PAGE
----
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Whole body melanoma transcriptome response in medaka

Please always quote using this URN: urn:nbn:de:bvb:20-opus-144714
  • The incidence of malignant melanoma continues to increase each year with poor prognosis for survival in many relapse cases. To reverse this trend, whole body response measures are needed to discover collaborative paths to primary and secondary malignancy. Several species of fish provide excellent melanoma models because fish and human melanocytes both appear in the epidermis, and fish and human pigment cell tumors share conserved gene expression signatures. For the first time, we have examined the whole body transcriptome response to invasiveThe incidence of malignant melanoma continues to increase each year with poor prognosis for survival in many relapse cases. To reverse this trend, whole body response measures are needed to discover collaborative paths to primary and secondary malignancy. Several species of fish provide excellent melanoma models because fish and human melanocytes both appear in the epidermis, and fish and human pigment cell tumors share conserved gene expression signatures. For the first time, we have examined the whole body transcriptome response to invasive melanoma as a prelude to using transcriptome profiling to screen for drugs in a medaka (Oryzias latipes) model. We generated RNA-seq data from whole body RNA isolates for controls and melanoma fish. After testing for differential expression, 396 genes had significantly different expression (adjusted p-value <0.02) in the whole body transcriptome between melanoma and control fish; 379 of these genes were matched to human orthologs with 233 having annotated human gene symbols and 14 matched genes that contain putative deleterious variants in human melanoma at varying levels of recurrence. A detailed canonical pathway evaluation for significant enrichment showed the top scoring pathway to be antigen presentation but also included the expected melanocyte development and pigmentation signaling pathway. Results revealed a profound down-regulation of genes involved in the immune response, especially the innate immune system. We hypothesize that the developing melanoma actively suppresses the immune system responses of the body in reacting to the invasive malignancy, and that this mal-adaptive response contributes to disease progression, a result that suggests our whole-body transcriptomic approach merits further use. In these findings, we also observed novel genes not yet identified in human melanoma expression studies and uncovered known and new candidate drug targets for further testing in this malignant melanoma medaka model.show moreshow less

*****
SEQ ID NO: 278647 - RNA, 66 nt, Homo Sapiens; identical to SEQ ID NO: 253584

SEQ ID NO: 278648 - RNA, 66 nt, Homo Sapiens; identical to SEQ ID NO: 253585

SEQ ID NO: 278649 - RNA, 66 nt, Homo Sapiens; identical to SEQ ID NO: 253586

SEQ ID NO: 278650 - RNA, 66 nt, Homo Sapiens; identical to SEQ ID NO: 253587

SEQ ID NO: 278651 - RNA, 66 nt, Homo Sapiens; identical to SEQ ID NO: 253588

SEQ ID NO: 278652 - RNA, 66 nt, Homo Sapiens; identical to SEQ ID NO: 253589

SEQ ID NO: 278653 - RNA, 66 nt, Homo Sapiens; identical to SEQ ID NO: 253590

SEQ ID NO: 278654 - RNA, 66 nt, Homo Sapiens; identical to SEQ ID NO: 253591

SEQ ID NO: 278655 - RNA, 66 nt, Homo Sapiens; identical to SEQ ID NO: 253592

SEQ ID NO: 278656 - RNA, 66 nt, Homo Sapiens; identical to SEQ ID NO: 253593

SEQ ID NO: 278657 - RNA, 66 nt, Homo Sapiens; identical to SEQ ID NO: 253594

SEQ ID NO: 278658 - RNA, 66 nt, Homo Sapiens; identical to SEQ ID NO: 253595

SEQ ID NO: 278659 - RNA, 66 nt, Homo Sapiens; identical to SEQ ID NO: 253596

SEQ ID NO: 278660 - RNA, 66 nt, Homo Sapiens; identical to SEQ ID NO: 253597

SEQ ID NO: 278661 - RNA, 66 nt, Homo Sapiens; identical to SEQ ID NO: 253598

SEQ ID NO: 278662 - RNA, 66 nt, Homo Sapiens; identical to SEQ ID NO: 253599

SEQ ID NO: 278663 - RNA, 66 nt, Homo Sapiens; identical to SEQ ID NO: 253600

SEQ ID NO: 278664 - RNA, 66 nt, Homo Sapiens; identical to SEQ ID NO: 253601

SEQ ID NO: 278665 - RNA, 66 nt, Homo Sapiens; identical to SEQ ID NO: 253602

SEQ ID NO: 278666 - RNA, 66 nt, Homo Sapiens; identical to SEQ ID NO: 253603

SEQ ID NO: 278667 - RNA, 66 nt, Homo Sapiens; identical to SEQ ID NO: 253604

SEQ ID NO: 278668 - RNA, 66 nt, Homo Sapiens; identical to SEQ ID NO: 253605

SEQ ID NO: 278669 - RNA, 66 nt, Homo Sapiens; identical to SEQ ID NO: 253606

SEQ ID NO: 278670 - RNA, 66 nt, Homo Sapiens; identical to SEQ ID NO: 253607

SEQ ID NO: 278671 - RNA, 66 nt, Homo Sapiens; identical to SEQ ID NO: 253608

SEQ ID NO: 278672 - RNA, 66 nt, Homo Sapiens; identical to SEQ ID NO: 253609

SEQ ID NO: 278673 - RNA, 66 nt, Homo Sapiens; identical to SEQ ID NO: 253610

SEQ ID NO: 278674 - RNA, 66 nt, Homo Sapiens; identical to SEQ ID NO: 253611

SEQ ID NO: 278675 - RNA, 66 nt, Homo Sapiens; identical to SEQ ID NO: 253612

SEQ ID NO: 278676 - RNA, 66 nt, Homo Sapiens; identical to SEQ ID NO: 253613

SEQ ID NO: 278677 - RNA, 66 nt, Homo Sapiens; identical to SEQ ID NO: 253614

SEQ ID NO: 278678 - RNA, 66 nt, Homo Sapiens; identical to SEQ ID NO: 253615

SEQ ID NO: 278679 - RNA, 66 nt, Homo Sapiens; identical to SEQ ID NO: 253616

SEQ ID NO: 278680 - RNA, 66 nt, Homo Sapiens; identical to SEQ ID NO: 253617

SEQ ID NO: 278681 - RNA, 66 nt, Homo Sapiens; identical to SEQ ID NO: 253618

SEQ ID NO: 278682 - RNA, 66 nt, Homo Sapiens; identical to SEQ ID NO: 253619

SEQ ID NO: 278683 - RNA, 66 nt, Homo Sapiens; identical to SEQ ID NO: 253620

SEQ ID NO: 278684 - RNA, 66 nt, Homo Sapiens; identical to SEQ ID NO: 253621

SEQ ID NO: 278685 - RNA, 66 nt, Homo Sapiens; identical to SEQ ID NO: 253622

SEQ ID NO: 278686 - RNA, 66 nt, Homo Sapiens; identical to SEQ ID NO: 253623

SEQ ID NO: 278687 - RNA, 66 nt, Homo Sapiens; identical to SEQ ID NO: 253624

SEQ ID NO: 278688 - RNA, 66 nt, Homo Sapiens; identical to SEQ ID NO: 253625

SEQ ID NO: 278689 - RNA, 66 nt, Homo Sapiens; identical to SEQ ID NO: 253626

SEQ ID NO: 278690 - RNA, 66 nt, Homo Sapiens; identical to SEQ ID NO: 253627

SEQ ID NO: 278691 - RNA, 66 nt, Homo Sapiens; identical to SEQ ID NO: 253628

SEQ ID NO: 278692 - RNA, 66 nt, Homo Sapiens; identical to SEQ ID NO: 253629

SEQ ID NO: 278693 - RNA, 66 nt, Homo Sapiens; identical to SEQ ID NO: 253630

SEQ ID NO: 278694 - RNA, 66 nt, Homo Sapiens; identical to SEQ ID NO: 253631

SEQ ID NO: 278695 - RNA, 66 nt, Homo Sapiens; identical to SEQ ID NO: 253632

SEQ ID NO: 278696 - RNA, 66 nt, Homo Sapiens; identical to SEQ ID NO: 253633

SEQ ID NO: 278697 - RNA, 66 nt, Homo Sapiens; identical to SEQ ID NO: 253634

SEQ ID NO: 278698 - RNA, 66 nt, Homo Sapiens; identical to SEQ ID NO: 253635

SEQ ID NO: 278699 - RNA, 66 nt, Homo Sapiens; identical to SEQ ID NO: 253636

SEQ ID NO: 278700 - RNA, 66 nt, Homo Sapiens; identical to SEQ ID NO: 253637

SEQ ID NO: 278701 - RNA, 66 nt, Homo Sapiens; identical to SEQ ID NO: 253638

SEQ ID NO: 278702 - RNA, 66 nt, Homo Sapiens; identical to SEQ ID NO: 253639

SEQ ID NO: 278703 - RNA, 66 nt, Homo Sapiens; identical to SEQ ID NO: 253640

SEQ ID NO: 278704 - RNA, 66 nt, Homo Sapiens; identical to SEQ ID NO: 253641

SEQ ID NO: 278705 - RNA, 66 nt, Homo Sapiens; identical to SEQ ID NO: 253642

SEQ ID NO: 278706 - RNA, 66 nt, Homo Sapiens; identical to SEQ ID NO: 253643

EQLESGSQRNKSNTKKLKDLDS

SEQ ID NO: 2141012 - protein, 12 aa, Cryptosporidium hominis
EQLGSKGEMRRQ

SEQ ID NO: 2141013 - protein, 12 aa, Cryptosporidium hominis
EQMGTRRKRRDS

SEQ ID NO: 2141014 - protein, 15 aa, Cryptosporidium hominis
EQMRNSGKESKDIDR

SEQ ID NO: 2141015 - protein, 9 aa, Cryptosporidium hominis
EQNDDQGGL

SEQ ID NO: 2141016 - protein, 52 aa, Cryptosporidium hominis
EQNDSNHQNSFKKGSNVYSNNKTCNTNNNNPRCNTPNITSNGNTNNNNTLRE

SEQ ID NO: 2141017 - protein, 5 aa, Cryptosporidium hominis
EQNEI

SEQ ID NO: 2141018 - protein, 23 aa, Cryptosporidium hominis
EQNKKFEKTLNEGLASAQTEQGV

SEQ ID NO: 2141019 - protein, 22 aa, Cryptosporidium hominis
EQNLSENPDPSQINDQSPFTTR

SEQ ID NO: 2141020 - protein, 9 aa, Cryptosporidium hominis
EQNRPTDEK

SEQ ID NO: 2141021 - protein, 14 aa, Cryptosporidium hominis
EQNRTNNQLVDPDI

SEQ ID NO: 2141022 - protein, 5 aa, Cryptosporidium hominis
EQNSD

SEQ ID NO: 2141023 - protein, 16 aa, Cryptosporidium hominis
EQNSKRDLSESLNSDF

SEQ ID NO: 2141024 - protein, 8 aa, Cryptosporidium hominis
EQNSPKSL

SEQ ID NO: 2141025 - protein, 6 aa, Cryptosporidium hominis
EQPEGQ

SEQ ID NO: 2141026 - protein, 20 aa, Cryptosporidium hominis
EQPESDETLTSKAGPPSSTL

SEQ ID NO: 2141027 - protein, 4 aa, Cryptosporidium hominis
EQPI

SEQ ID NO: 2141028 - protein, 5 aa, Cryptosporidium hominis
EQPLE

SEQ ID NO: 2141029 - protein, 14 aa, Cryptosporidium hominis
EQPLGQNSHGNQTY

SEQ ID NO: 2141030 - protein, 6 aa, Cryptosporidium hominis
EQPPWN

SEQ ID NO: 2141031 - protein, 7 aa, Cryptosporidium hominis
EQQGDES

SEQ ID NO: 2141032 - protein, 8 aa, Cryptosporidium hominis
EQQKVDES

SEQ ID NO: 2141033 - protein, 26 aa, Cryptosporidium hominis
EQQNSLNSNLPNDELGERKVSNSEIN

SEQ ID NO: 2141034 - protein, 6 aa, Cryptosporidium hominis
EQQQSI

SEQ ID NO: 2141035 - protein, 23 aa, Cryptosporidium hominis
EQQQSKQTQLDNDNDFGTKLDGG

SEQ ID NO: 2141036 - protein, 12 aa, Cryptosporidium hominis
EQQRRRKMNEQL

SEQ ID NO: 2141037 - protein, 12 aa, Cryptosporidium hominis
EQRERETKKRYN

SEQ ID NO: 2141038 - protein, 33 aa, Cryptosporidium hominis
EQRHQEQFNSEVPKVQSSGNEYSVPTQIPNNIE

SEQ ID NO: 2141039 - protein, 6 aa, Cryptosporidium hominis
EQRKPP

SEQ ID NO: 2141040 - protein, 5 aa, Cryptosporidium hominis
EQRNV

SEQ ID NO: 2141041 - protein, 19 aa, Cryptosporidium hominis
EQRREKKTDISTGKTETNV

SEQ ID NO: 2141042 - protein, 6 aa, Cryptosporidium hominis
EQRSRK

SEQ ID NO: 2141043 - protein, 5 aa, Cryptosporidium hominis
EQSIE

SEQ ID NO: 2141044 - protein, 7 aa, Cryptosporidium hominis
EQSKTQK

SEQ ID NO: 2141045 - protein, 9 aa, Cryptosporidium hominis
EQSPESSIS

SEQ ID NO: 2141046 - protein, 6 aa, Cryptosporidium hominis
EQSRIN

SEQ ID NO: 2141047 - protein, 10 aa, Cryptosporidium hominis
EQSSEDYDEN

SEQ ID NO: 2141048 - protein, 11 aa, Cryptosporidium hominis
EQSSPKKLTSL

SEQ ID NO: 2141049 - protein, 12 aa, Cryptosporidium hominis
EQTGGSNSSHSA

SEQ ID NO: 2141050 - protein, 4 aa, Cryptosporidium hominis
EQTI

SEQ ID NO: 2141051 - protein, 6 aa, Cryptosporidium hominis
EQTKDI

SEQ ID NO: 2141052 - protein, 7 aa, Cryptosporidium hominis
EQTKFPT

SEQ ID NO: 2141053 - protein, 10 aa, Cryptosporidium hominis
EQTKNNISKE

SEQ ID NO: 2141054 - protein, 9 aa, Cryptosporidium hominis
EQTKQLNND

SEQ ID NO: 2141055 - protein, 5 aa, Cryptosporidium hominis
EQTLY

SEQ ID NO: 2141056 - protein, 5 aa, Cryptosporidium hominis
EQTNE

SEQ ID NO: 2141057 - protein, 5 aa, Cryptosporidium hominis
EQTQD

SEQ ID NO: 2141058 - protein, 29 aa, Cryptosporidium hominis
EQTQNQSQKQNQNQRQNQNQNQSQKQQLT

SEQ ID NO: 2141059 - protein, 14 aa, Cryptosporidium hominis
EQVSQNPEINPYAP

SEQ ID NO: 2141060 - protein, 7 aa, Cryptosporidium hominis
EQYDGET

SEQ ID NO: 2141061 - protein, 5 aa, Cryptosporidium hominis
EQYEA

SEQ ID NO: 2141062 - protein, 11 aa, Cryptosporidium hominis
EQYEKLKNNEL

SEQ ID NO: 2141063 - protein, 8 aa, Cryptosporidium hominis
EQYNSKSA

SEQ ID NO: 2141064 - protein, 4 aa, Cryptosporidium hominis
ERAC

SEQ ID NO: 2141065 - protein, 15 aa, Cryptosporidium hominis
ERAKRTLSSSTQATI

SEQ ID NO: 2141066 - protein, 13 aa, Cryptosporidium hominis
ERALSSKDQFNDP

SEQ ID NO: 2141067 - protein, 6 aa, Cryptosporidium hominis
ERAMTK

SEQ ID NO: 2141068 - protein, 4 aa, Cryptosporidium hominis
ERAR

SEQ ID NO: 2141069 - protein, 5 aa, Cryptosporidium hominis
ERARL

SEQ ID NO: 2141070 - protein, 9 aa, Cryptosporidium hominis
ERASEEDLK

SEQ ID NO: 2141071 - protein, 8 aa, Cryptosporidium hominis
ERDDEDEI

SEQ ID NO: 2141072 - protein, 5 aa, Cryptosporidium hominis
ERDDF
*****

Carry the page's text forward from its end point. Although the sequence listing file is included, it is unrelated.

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Metadaten
Author: Manfred Schartl, Yingjia Shen, Katja Maurus, Ron Walter, Chad Tomlinson, Richard K. Wilson, John Postlethwait, Wesley C. Warren
URN:urn:nbn:de:bvb:20-opus-144714
Document Type:Journal article
Faculties:Medizinische Fakultät / Theodor-Boveri-Institut für Biowissenschaften
Language:English
Parent Title (English):PLoS ONE
Year of Completion:2015
Volume:10
Issue:12
Pagenumber:e0143057
Source:PLoS ONE 10(12): e0143057 (2015). DOI: 10.1371/journal.pone.0143057
DOI:https://doi.org/10.1371/journal.pone.0143057
Dewey Decimal Classification:6 Technik, Medizin, angewandte Wissenschaften / 61 Medizin und Gesundheit / 610 Medizin und Gesundheit
Tag:cancer; contributes; expression; fish; gene; genome cells; melanogenesis; metastatic melanoma; stage III
Release Date:2018/08/17
Licence (German):License LogoCC BY: Creative-Commons-Lizenz: Namensnennung 4.0 International